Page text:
Dividends have been one of the many casualties of the COVID-19 outbreak. Several companies have reduced or eliminated their payouts to shore up their financial profiles. Many more are likely to do so in the coming months if the economy doesn’t bounce back quickly.
However, not all dividends are at risk. Several companies generate steady cash flow and have strong financial profiles, which should support their payouts during these turbulent times. Three higher-yielding ones that stand out are Brookfield Infrastructure (NYSE:BIP)(NYSE:BIPC), Southern Company (NYSE:SO), and TC Energy (NYSE:TRP).
Built for times like this
Brookfield Infrastructure currently pays a 4.9%-yielding dividend. That payout’s on solid ground even though the COVID-19 outbreak will have some effect on the company’s operations. It already warned that volumes at its ports and toll roads have fallen because of travel restrictions and a slowdown in the global economy. However, about 60% of the company’s earnings have no volume exposure thanks to take-or-pay contracts through which it gets paid even if customers don’t use their contracted capacity. Its earnings therefore won’t fall nearly as much as those without contractual protection.
Meanwhile, the company has plenty of room to cushion the blow because it pays out only about 60% of its cash flow to support its distribution. On top of that, it has a top-notch balance sheet with a strong credit rating and lots of liquidity (i.e., cash and available borrowing capacity). That financial flexibility puts Brookfield in the position to make acquisitions, which is something it has done during periods of economic turmoil. If it can find a needle-moving deal, it could emerge from this downturn with even more fuel to grow its lucrative dividend, something it has done for more than a decade.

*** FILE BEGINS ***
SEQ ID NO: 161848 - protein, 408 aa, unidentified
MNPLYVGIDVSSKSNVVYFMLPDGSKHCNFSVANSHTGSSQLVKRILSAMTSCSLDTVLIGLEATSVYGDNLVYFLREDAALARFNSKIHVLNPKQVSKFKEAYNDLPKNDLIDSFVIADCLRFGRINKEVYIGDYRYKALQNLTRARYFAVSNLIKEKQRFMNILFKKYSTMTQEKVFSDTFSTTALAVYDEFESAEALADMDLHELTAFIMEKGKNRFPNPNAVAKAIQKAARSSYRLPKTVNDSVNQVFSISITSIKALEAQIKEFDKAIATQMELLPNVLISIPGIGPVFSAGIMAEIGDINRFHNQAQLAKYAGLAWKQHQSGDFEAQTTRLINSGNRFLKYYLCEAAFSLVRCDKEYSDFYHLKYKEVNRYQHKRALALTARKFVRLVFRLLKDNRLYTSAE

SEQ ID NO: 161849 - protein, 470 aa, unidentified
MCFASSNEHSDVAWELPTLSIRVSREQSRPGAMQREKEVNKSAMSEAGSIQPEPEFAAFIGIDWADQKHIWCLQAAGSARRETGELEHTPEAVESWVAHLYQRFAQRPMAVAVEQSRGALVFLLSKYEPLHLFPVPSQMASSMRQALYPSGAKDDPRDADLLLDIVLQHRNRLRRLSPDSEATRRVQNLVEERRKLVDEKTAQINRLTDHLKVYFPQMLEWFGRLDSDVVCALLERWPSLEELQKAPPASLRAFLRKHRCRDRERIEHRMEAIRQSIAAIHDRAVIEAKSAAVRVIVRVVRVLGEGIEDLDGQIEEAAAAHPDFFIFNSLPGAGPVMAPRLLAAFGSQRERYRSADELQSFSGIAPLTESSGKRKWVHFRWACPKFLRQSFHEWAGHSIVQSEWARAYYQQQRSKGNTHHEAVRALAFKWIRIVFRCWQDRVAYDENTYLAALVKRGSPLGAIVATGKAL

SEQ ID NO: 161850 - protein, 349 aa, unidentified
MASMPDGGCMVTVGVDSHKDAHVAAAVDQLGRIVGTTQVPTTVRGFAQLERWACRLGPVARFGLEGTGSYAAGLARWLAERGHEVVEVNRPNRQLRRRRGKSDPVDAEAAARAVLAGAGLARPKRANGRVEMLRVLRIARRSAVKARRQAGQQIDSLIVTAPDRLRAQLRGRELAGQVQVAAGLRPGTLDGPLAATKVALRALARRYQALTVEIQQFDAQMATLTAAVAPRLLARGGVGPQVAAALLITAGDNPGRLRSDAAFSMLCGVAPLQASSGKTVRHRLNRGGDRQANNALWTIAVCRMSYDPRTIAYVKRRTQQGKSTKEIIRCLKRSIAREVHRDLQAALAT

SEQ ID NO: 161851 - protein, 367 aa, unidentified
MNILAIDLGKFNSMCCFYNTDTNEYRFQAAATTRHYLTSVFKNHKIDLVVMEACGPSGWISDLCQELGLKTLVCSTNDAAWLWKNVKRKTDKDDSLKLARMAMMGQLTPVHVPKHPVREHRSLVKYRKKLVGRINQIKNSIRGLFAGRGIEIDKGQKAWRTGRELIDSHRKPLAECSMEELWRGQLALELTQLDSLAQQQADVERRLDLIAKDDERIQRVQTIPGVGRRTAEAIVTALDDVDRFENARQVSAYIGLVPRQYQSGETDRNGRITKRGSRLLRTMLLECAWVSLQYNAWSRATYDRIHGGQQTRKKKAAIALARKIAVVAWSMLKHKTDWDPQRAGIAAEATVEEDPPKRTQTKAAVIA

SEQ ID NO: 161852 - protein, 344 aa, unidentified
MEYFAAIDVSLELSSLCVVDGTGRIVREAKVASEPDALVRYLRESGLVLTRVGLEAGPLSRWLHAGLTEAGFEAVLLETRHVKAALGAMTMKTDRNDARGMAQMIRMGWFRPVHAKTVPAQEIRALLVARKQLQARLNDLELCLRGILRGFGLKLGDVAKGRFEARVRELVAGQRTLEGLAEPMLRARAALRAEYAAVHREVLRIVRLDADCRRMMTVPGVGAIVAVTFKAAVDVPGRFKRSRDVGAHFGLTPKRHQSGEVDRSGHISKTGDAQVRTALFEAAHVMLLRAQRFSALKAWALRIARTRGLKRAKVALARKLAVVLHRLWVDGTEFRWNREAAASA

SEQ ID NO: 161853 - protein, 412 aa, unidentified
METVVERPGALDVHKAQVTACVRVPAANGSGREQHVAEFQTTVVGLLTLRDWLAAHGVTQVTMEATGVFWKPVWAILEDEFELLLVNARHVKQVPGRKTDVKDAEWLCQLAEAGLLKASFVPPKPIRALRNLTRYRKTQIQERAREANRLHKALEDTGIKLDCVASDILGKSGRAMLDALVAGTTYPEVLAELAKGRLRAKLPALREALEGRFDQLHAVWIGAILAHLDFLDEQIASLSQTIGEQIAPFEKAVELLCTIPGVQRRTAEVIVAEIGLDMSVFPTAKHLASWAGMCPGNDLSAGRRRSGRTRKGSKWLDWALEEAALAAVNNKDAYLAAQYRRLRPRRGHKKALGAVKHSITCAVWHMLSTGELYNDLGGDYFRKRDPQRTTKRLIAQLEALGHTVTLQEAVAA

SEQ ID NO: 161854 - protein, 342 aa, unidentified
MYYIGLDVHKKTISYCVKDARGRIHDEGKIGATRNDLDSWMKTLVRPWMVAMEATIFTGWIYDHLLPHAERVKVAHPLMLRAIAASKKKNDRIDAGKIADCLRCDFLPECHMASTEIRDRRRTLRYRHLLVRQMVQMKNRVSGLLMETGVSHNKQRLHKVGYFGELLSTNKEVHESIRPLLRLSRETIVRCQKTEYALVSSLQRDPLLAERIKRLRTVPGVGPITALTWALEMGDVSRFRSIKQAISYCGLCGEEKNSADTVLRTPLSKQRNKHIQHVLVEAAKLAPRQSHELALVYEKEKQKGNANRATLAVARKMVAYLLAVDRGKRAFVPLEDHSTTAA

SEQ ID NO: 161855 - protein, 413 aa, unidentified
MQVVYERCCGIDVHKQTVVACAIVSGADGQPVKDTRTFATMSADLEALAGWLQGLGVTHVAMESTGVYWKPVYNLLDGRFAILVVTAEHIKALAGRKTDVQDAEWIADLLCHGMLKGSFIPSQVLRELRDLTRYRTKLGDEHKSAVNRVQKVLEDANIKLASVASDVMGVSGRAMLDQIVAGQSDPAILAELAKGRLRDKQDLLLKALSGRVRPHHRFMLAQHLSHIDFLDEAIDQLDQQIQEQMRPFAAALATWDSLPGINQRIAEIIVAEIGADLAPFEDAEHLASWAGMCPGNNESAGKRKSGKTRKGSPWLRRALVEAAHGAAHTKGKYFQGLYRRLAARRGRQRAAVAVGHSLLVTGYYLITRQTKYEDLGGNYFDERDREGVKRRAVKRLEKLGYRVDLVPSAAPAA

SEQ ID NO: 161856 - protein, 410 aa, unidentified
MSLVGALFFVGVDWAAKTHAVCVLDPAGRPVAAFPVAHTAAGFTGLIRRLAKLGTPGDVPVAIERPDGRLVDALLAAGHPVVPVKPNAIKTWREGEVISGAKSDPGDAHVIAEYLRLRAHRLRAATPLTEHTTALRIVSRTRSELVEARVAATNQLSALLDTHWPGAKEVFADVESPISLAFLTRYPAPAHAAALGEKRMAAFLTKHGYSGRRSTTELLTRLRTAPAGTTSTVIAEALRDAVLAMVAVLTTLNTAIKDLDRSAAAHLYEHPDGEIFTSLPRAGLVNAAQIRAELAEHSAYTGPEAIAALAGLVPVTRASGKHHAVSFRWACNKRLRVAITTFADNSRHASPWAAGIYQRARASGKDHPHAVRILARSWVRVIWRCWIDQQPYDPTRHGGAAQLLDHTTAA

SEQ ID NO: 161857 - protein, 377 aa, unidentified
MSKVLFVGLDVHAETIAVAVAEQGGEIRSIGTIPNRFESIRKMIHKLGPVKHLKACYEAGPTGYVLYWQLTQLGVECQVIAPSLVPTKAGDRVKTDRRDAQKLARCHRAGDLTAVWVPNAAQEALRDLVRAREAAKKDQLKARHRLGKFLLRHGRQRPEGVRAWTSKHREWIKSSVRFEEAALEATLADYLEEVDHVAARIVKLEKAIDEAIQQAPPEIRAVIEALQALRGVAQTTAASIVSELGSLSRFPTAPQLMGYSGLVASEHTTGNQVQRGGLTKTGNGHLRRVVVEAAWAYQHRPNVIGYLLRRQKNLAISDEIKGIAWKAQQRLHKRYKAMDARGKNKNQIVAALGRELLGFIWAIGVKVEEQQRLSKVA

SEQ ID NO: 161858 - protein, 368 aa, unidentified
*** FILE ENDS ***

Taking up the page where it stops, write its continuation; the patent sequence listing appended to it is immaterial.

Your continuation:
The power to keep paying
Electric utilities like Southern Company tend to be relatively recession-resistant. While the COVID-19 outbreak is having some impact on power demand and forced Southern to slow work at its large nuclear project because of infections at the site, those issues shouldn’t have a major impact on its earnings. The company’s 4.3%-yielding dividend should be on solid ground.
Furthermore, the company has a strong balance sheet and well-run operations. Those factors, along with the fact it will benefit from growing power demand in the South once economic conditions improve, should give Southern the power to continue paying its dividend. Overall, Southern has paid a dividend equal to or greater than the previous quarter’s level for more than 70 years, including increasing it in each of the past 18 consecutive years.
A durable business
TC Energy pays an attractive 5.1%-yielding dividend. The Canadian pipeline giant supports that payout with stable cash flow and a top-notch balance sheet. Overall, 92% of its earnings come from sources that have no exposure to commodity prices or volume impacts. Meanwhile, it pays out only about 40% of those stable earnings to support its dividend. It compliments those factors with one of the highest credit ratings in the pipeline sector.
That strong financial profile gives TC Energy the flexibility to expand its energy infrastructure network. It believes these investments will grow its earnings by 5%-7% per year, which could support similar dividend growth. That would enable TC Energy to maintain its track record of dividend increases, which currently stretches for the past 20 years.
A long history of richly rewarding dividend investors
These companies have all given their investors a raise at least once a year for more than a decade. That extensive track record shows that they’ve built their payouts to endure challenging times. That means these payouts appear poised to not only make it through the current downturn intact but also keep rising in the coming years. And that makes them ideal options for yield-seeking investors.
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Matthew DiLallo owns shares of Brookfield Infrastructure and Brookfield Infrastructure Partners. The Motley Fool recommends Brookfield Infrastructure and Brookfield Infrastructure Partners. The Motley Fool has a disclosure policy.
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